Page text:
But just two months later, the District Court denied the Church a preliminary injunction, concluding that the Church was unlikely to succeed on the merits of its RLUIPA and Free Exercise Clause claims. In particular, it found that the City’s denial of the permit did not impose a substantial burden on its religious exercise for four reasons. First, the church was seeking a change in use and was not restricted from what it was permitted to do. The District Court observed that “the burden on religious practices is not great when the government action, in the case of the denial of a use permit, does not restrict current religious practice but rather prevents a change in religious practice.” (citing Christian Gospel Church, Inc. v. City & Cnty. of San Francisco, 896 F.2d 1221, 1224 (9th Cir. 1990)). Because the Church did not provide services to the homeless from its property until 2008 – four years after it had purchased the property – its pre-2008 religious practice was not restricted. Second, the denial did not terminate the Church’s ministry; it only restricted it. The District Court rejected the Church’s assertion that the permit denial “effectively terminates the Church’s ministry,” because it merely limits the services the Church can provide to its congregants and to the public at a single location. “Notwithstanding the permit denial, Harbor can still hold religious services, prayer meetings, bible studies, and other religious functions at the Property as it did between 2004 and 2008. In other words, Harbor’s congregants, regardless of their housing status, can still come to Harbor for religious services and spiritual succor.” Third, the Court found that the Church’s religious beliefs did not obligate it to provide these services from the subject property, the Church had previously sought to locate elsewhere, and its pastor admitted that the subject property was not an appropriate location to provide such services. Finally, it determined that there were many alternative locations in the City where the Church could relocate.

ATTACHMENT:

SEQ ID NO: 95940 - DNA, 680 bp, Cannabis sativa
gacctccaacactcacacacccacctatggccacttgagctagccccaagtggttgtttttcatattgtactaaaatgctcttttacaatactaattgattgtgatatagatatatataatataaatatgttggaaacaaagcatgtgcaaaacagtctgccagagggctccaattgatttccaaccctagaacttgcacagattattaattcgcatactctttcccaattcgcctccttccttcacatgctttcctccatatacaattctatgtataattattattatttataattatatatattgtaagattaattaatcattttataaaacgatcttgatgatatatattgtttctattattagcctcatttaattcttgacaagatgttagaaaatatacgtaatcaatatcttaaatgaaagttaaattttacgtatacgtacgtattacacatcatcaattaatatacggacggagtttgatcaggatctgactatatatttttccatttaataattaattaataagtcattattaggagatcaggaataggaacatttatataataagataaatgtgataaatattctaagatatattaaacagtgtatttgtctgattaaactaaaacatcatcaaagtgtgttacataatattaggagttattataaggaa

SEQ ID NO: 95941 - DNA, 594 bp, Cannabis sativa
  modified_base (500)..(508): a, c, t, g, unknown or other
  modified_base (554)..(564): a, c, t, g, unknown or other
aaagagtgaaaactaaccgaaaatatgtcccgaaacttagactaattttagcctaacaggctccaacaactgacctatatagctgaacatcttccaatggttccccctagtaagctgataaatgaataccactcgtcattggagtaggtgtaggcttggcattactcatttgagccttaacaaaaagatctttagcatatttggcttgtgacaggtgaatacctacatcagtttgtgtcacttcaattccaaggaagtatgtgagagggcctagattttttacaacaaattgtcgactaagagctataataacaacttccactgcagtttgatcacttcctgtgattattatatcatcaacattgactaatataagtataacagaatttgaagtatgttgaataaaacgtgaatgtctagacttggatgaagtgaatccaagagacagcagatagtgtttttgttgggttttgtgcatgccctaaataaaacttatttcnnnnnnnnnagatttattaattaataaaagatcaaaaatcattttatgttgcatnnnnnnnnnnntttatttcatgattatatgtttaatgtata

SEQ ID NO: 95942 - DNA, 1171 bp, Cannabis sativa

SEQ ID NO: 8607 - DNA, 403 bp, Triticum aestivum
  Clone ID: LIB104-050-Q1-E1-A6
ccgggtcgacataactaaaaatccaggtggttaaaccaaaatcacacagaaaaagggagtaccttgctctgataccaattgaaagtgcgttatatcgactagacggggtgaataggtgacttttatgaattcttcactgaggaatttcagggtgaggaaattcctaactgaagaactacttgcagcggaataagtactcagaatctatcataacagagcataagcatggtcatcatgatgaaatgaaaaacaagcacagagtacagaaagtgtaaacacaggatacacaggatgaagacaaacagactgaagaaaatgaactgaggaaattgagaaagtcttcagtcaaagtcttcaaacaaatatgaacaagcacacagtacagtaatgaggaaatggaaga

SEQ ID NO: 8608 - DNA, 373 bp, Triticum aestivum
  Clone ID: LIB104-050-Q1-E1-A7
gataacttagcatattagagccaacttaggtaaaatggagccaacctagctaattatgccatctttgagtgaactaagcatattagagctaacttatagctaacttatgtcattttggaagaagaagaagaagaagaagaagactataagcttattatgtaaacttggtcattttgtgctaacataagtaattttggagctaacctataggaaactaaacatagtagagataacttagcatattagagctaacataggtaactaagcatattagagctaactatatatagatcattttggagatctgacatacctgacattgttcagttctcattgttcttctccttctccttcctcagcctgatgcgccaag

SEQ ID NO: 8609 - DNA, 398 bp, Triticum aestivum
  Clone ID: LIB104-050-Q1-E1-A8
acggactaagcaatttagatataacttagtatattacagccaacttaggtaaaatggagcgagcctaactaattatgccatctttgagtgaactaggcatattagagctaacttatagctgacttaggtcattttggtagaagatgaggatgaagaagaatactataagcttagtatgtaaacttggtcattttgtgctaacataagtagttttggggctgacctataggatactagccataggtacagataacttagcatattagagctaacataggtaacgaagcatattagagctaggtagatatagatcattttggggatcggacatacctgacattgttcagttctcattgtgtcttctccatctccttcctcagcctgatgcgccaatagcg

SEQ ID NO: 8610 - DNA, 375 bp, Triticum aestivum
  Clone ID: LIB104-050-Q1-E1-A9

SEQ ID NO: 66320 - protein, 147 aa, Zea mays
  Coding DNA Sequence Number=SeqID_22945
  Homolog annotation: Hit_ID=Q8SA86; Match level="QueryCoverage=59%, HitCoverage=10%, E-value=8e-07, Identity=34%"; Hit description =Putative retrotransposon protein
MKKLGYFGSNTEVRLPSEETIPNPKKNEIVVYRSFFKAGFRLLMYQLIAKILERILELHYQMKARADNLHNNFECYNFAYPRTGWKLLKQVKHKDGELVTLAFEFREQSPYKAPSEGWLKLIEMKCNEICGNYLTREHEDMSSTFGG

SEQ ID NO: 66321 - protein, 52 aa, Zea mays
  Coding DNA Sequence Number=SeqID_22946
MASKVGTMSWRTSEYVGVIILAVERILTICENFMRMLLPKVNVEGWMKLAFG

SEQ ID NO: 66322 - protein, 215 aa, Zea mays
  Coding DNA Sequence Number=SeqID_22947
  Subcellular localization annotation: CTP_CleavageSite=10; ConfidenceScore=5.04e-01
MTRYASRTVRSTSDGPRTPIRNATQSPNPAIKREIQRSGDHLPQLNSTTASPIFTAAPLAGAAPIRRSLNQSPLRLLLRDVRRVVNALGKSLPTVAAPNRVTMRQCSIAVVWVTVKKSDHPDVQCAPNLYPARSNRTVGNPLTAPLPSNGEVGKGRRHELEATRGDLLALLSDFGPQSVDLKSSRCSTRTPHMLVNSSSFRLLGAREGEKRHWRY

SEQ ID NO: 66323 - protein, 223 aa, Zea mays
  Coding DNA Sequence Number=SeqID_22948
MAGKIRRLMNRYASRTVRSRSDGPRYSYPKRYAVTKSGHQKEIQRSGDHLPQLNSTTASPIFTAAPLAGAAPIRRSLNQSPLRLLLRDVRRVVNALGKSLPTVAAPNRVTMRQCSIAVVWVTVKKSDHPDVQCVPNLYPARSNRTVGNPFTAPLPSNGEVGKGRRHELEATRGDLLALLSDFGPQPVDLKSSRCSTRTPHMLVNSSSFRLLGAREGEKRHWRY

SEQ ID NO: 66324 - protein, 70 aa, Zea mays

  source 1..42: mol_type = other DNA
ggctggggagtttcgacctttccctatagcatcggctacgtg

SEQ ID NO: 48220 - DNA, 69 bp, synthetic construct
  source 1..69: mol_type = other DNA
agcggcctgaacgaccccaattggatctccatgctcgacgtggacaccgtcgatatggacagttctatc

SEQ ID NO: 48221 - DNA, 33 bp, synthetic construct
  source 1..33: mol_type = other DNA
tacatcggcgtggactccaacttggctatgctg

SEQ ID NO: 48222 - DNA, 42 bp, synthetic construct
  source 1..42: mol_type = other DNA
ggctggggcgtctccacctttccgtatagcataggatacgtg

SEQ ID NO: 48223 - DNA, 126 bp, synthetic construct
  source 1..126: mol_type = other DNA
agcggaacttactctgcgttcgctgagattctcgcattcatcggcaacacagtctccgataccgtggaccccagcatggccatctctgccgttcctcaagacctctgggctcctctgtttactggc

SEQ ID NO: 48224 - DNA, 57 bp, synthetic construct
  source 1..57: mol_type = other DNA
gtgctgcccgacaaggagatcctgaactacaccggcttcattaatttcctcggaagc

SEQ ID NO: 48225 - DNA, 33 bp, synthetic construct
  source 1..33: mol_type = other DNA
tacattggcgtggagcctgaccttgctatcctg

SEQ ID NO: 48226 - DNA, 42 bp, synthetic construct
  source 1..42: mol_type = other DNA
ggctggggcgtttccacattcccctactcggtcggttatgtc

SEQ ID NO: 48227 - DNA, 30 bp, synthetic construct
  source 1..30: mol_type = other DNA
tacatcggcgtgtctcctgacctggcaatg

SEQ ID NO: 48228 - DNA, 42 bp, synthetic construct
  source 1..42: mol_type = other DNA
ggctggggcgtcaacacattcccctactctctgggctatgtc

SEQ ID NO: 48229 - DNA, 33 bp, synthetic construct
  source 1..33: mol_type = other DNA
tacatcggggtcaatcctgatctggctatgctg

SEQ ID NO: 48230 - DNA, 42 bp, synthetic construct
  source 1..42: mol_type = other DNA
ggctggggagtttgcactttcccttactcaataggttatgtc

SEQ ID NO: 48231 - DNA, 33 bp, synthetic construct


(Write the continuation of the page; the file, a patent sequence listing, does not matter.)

Even though the District Court concluded that the City’s denial of the permit did not impose a substantial burden on the Church’s religious exercise, it still considered and found that any such burden was in furtherance of a compelling governmental interest taken in the least restrictive means possible. Specifically, the Court credited the testimony of the City’s assistant police chief regarding a substantial rise in crime directly attributable to the Church’s activities. Denial of the permit, the District Court noted, was in furtherance of public safety and crime prevention, compelling governmental interests. These compelling interests were taken in the least restrictive means, as the City considered less restrictive alternatives – issuing the permit subject to conditions – but then determined that outright denial was the only way to protect public safety and prevent crime in the neighborhood.
The Church has appealed the District Court’s decision to the U.S. Court of Appeals for the Ninth Circuit, and filed an emergency motion to allow it to continue its religious ministry pending the outcome of the appeal. The District Court’s order denying the preliminary injunction in Harbor Missionary Church Corp. v. City of San Buenaventura is available here.